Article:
4. If to identify as a Satanist it requires me to be in agreement with all or the vast majority of what constitutes Satanic philosophy then I would say that I would be a Satanist. However the reason that I stop short and say that I probably approximate it is due to the rather subjective dimension that it has once you get past the foundation. Outside the core text the "Satanic Bible" a person is required to learn the rest through subjective introspection. Although this is intended to allow the personal flexibility which Satanism embraces, it seems to me that such an ambiguous stance is just a way of filling in any blanks that may be left. This leads to a lot of debate over what makes a person a Satanist, one particular debate is a 'born vs made', an adoptable philosophy or an innate state of being (which sounds a little mystical). I myself came to the conclusion looking at the objective evidence that what Satanism is when you strip away the subjective elements i.e what people claim from experience with Satanism, and instead looking at just what is written in the Satanic Bible is that you find a personality type and a mode of conduct which is compatible with it. For these reasons I have never been too hasty in putting myself formally into that category, since whilst I agree with the premises and argument the reliance upon subjectivity and by inference the element of relativity raises a red flag or two, if I remember correctly Rand criticizes Nietzsche for his subjectivity. As for how I stumbled upon Ayn Rand's work, her name amongst others often comes up in attribution to the intellectual make up of Satanism, however what really prompted me to look into her work was her focus upon rationality. I therefore did some preliminary research into her in order to get a rough idea of what she was about and where to start, "The Virtue of Selfishness" was advised as good step in the door.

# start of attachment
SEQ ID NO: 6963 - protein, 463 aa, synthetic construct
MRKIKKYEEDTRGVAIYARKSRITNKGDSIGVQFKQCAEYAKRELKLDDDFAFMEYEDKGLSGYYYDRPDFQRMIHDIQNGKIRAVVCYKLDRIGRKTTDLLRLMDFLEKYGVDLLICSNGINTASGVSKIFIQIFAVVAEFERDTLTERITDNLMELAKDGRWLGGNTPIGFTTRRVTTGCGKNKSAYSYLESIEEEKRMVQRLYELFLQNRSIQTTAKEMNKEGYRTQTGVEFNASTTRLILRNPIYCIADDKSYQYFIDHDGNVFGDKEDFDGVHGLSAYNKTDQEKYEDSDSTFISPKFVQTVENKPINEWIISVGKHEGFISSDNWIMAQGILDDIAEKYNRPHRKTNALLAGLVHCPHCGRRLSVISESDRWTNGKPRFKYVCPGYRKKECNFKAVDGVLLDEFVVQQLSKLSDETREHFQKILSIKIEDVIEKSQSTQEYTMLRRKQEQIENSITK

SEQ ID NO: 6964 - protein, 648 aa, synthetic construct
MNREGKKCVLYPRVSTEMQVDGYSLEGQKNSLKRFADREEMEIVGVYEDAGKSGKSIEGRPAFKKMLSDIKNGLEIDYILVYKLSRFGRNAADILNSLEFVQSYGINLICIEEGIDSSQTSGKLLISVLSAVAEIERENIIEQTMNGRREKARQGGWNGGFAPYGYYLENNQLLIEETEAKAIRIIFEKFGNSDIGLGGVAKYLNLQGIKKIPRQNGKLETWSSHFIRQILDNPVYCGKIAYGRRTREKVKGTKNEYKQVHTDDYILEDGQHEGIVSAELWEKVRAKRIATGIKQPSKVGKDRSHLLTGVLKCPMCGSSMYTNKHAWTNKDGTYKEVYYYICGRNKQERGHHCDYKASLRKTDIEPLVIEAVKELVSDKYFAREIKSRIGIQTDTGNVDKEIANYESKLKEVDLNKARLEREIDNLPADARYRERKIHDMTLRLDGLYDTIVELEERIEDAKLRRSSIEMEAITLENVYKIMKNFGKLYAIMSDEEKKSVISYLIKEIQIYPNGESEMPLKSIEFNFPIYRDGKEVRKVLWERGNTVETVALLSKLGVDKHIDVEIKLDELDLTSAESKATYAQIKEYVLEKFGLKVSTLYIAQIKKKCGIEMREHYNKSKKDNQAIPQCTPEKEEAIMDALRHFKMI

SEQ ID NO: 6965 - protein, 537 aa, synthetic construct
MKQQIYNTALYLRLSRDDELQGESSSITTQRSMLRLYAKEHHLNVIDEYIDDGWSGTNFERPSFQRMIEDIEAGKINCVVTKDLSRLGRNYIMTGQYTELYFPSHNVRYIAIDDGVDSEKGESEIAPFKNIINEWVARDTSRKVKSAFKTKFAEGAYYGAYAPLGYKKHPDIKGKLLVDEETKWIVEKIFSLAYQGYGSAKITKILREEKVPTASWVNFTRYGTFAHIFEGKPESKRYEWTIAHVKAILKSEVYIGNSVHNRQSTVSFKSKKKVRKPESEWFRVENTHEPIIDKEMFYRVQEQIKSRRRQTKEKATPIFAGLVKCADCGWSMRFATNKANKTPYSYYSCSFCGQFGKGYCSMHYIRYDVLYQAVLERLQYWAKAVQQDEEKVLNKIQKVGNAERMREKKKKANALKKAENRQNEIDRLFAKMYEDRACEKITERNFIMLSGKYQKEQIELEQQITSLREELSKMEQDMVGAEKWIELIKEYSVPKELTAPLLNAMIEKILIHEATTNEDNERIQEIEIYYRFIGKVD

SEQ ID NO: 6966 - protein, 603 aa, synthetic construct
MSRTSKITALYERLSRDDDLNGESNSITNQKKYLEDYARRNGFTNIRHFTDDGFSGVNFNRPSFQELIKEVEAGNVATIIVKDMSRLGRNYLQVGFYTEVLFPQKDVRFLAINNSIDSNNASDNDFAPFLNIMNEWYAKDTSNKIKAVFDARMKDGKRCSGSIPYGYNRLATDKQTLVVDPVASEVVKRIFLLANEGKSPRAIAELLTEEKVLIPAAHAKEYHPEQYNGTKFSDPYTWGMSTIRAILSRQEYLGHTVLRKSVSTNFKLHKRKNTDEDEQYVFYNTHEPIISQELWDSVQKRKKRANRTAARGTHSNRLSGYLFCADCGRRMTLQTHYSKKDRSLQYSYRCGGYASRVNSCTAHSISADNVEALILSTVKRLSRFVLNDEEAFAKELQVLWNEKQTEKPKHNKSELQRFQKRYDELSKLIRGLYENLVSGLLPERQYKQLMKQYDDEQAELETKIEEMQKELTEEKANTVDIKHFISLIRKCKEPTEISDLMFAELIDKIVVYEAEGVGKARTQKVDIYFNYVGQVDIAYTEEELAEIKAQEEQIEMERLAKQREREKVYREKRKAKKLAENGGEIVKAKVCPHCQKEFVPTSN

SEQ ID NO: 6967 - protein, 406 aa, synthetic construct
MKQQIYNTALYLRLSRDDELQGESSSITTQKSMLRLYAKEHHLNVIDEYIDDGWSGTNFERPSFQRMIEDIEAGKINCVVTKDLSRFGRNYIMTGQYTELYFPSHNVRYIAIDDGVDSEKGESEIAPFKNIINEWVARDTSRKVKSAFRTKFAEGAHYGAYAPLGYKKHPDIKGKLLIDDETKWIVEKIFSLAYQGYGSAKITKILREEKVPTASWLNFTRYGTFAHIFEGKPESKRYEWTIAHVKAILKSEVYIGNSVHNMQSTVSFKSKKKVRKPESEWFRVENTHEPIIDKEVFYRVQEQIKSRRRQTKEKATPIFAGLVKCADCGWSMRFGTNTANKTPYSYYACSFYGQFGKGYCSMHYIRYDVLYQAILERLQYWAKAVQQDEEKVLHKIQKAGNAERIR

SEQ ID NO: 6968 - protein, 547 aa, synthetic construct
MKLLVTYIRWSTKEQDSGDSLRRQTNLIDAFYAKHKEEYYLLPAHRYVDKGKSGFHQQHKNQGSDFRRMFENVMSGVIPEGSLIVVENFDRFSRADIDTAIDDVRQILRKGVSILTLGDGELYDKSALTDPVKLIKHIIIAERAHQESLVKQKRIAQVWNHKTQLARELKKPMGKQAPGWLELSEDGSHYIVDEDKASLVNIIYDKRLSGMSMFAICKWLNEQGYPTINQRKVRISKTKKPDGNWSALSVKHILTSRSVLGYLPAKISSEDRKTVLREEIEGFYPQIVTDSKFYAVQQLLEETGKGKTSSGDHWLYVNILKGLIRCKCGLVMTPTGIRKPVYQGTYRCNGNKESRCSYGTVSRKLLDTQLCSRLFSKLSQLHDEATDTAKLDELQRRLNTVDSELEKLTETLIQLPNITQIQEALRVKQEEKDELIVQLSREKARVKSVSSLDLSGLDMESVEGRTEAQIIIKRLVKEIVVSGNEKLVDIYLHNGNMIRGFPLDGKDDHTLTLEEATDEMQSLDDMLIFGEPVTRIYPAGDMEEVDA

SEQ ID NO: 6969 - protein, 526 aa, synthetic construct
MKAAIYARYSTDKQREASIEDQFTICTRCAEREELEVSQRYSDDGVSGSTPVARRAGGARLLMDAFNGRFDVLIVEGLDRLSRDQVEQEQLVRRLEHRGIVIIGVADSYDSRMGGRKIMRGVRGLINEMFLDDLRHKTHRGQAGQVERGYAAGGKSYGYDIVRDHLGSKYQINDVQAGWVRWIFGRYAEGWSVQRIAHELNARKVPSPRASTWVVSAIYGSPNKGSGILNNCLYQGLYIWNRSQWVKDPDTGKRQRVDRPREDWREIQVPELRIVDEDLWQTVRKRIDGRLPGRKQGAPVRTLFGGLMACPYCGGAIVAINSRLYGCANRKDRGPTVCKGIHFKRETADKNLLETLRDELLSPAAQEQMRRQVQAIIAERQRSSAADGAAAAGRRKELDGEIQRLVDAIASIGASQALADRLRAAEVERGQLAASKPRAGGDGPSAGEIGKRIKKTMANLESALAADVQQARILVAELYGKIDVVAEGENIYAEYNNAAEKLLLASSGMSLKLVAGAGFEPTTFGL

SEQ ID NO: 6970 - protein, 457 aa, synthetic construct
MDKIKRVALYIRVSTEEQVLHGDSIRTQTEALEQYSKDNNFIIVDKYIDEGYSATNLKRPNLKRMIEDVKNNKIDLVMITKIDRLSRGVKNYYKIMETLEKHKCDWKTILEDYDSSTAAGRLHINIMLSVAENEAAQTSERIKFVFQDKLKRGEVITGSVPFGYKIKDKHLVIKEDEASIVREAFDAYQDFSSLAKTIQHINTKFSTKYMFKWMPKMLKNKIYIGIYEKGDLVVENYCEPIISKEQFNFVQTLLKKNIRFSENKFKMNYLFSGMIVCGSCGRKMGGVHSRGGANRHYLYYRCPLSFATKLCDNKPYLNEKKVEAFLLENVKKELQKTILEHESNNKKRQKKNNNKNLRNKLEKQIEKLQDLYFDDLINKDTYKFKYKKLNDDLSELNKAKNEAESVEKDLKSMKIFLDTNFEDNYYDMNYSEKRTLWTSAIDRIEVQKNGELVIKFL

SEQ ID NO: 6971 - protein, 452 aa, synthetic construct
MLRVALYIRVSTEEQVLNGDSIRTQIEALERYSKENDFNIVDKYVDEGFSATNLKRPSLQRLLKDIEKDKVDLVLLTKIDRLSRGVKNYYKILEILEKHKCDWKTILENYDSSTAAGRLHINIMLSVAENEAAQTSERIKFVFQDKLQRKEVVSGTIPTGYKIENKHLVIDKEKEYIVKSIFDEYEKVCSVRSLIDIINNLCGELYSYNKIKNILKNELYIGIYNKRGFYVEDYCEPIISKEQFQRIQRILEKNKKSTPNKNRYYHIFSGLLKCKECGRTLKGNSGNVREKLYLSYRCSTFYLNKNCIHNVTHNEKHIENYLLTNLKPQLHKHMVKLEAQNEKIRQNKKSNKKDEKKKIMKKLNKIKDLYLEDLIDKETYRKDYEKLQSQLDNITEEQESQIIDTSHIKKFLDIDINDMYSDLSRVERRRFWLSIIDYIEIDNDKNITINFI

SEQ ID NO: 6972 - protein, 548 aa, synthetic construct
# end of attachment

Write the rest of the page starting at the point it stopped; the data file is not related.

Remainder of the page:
5. I am in the process of reading Ayn Rand and her colleague's writings on the Objectivist philosophy therefore I thought it a wise move to seek out an establishment that is inhabited by those who are knowledgeable on the subject. My motive for joining this forum therefore is to hopefully gain a proper understanding of the Objectivist philosophy and the issues it covers through discussion and question with said knowledgeable individuals. My knowledge of Objectivism as it stands currently is rather basic. My first contact with Ayn Rand and her associates was "The Virtue of Selfishness", I am currently reading "Capitalism: The Unknown Ideal" I find Ayn Rand's writing style to be very concise which is a trait that I find to be an asset particularly in academic fields. Concerning myself, I was born in 1991 in England, I have lived a considerable portion of my life (all of my conscious memory in fact) under a Statist/moderate Socialist government and our current economic condition is a testament to their rule. As of present I would not profess myself as an Objectivist however. My personal philosophy as it stands sways closer to what is commonly called Satanism, however Satanism in itself embraces a great number of components from Objectivism, particularly rational self interest and personal freedom. Politically I could be best described as a Libertarian in the classical sense. I favour deregulated economies and I regard a person's liberty as their most important asset, I see the individual as sovereign. My academic interests are mainly history and philosophy. I am of the Empiricist persuasion as of the present. I favour the objective evidence approach to analysis of the past. Observable evidence as the key to objective reality. I distrust theory which is not grounded on said empirical foundations, I believe that purely abstract theoretical approaches such as Marxism distort the picture by applying theory before evidence and in the case of Post-Modernism, to be outright nonsense that attempts to remove the need for evidence from objective reality, leading to absolute relativism which is useless. Thank you for reading my introductory post, I hope my presence here will be a productive.